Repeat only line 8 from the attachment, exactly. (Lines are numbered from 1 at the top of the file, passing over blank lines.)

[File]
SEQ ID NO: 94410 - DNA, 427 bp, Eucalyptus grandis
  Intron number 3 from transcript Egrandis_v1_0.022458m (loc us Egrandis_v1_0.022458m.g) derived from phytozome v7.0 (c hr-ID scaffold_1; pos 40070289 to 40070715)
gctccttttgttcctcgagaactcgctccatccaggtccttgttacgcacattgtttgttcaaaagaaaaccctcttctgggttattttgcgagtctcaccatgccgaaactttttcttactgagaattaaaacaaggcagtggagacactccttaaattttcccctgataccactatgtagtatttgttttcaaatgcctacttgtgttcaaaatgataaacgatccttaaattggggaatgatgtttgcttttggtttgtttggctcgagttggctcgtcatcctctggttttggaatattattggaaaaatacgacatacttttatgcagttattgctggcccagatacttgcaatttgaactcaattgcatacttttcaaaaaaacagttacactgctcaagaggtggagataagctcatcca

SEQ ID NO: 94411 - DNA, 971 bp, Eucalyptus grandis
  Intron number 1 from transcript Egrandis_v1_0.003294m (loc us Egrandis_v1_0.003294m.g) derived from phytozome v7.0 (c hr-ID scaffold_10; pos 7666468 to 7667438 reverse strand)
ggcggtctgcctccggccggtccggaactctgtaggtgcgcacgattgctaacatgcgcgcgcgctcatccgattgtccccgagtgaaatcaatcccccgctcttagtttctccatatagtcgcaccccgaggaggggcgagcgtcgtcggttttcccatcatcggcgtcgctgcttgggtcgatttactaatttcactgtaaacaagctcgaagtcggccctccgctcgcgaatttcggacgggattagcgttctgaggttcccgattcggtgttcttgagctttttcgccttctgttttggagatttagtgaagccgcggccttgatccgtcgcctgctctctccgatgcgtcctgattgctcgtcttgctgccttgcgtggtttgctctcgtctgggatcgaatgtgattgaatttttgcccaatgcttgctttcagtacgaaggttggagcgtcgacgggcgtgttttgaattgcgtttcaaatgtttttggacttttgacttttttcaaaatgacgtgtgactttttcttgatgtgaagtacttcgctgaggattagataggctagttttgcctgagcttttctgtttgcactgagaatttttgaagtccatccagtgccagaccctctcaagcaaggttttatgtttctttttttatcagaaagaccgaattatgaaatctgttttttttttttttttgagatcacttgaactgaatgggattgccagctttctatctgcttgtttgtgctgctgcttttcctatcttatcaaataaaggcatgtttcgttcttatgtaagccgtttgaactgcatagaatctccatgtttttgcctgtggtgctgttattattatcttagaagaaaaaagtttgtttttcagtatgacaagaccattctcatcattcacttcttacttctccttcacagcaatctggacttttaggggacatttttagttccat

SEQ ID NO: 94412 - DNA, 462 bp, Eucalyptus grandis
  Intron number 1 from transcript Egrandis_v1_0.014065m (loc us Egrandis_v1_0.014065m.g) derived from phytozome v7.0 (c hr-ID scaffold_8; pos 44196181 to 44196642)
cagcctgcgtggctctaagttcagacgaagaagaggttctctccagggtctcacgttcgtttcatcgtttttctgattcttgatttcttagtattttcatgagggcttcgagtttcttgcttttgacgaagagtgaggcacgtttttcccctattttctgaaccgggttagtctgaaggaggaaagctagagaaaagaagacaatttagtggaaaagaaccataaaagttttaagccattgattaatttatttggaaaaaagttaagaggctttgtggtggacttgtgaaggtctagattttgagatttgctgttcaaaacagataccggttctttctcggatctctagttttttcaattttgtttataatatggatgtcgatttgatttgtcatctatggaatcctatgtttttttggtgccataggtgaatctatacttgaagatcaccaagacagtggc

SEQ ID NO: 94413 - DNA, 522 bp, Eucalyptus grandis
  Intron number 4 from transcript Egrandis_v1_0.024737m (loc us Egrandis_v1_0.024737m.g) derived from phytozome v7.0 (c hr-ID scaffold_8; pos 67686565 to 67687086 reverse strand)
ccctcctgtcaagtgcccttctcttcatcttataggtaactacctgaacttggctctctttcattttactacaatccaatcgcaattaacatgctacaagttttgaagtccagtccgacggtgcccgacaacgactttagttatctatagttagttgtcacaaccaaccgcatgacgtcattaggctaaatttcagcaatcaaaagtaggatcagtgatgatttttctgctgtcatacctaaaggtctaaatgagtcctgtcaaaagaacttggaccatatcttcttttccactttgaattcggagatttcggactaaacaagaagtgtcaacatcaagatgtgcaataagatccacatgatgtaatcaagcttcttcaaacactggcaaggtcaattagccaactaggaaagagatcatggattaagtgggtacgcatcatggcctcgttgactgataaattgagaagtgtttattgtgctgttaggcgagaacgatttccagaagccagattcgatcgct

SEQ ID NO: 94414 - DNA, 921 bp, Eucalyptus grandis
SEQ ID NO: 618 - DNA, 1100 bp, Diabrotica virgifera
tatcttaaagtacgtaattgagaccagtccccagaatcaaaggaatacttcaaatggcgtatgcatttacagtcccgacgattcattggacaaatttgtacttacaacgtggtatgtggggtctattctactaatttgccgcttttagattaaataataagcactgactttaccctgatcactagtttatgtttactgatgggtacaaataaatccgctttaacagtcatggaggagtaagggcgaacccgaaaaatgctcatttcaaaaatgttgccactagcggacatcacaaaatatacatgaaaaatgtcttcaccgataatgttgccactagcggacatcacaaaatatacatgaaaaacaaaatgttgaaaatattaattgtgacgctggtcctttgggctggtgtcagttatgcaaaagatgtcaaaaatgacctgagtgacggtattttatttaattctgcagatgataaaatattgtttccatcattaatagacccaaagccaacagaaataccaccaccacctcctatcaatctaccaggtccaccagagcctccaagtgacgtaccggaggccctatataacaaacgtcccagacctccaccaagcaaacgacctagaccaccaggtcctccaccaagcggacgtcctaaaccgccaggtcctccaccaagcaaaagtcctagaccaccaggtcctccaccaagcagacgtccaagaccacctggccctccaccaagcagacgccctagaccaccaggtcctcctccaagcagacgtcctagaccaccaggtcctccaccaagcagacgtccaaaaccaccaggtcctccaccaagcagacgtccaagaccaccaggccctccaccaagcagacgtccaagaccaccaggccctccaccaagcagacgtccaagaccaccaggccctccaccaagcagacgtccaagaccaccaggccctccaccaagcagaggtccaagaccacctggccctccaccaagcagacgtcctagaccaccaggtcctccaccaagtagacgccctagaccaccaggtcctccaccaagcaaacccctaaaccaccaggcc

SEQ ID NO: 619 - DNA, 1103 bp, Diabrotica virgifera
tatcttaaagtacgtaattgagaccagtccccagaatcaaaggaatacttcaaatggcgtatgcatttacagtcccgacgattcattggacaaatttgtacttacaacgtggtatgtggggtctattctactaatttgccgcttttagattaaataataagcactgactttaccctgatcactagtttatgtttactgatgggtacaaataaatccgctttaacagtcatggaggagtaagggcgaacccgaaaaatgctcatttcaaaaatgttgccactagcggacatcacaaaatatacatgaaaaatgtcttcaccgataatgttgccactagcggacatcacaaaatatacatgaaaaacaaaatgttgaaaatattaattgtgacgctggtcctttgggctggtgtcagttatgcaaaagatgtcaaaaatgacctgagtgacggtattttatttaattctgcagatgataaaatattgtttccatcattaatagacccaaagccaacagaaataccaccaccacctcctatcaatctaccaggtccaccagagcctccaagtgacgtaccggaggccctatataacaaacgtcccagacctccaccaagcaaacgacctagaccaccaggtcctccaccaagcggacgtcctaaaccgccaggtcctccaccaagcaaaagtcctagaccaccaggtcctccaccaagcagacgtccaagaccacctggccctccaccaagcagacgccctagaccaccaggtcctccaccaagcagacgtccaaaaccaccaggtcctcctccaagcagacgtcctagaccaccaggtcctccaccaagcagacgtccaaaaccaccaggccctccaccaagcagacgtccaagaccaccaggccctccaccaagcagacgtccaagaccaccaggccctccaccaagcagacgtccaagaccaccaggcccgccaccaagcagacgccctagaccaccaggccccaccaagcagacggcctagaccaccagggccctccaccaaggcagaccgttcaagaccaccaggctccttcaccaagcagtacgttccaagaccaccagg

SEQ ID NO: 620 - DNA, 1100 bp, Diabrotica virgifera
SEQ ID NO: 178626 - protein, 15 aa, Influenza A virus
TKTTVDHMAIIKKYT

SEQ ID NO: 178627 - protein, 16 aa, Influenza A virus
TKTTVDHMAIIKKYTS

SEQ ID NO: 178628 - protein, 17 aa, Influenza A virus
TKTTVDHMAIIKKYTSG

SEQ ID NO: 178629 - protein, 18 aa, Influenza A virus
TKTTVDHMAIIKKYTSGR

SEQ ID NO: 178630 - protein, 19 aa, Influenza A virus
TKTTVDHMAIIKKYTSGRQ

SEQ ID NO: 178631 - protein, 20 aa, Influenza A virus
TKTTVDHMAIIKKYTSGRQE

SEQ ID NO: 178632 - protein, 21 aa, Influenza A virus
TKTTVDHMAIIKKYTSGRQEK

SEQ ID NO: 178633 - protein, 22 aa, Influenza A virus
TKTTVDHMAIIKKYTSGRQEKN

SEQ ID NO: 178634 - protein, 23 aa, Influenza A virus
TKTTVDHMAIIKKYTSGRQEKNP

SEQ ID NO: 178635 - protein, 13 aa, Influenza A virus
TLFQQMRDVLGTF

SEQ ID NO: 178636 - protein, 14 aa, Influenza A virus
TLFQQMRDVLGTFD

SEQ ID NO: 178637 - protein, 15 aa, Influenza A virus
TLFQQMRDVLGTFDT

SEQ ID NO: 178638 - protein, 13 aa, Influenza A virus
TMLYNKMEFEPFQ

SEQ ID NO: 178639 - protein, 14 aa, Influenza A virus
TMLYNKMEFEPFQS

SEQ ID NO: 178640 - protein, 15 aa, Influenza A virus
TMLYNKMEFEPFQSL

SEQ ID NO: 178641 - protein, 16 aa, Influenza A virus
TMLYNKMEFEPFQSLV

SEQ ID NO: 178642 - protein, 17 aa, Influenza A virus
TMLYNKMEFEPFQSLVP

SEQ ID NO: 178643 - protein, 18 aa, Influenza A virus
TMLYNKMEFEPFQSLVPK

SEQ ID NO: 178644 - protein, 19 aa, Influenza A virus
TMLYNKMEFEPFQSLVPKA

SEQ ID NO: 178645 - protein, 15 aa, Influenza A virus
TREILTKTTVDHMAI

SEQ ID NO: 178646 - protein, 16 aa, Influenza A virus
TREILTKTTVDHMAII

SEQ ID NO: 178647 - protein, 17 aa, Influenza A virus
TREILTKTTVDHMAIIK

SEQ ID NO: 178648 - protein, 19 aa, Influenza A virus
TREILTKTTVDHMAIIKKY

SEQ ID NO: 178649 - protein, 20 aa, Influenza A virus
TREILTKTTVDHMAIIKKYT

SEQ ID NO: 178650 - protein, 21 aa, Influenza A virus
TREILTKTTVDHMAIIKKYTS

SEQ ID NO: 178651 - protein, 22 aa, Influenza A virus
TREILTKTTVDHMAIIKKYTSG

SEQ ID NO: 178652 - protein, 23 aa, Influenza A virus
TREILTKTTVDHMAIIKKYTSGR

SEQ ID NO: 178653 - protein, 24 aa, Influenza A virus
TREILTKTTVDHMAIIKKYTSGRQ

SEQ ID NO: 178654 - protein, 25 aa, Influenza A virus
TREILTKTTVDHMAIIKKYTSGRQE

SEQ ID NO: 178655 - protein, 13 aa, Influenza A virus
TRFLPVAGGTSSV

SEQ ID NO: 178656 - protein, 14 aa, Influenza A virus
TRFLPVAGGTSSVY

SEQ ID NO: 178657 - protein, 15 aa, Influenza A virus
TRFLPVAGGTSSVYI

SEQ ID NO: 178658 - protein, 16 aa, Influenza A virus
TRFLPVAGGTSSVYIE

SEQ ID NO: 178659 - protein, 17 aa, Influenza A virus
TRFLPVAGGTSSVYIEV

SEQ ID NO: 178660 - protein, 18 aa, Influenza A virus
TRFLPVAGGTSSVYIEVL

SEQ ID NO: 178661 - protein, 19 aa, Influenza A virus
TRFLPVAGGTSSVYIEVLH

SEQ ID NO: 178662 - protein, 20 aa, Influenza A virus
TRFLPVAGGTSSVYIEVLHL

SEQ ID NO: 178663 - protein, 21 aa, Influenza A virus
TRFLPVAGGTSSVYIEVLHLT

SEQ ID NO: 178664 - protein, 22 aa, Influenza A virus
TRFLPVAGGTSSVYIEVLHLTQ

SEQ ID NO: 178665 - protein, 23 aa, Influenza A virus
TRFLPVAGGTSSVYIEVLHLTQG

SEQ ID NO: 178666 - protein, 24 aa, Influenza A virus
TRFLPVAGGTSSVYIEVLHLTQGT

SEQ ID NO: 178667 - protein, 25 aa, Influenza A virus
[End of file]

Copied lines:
  Intron number 1 from transcript Egrandis_v1_0.014065m (loc us Egrandis_v1_0.014065m.g) derived from phytozome v7.0 (c hr-ID scaffold_8; pos 44196181 to 44196642)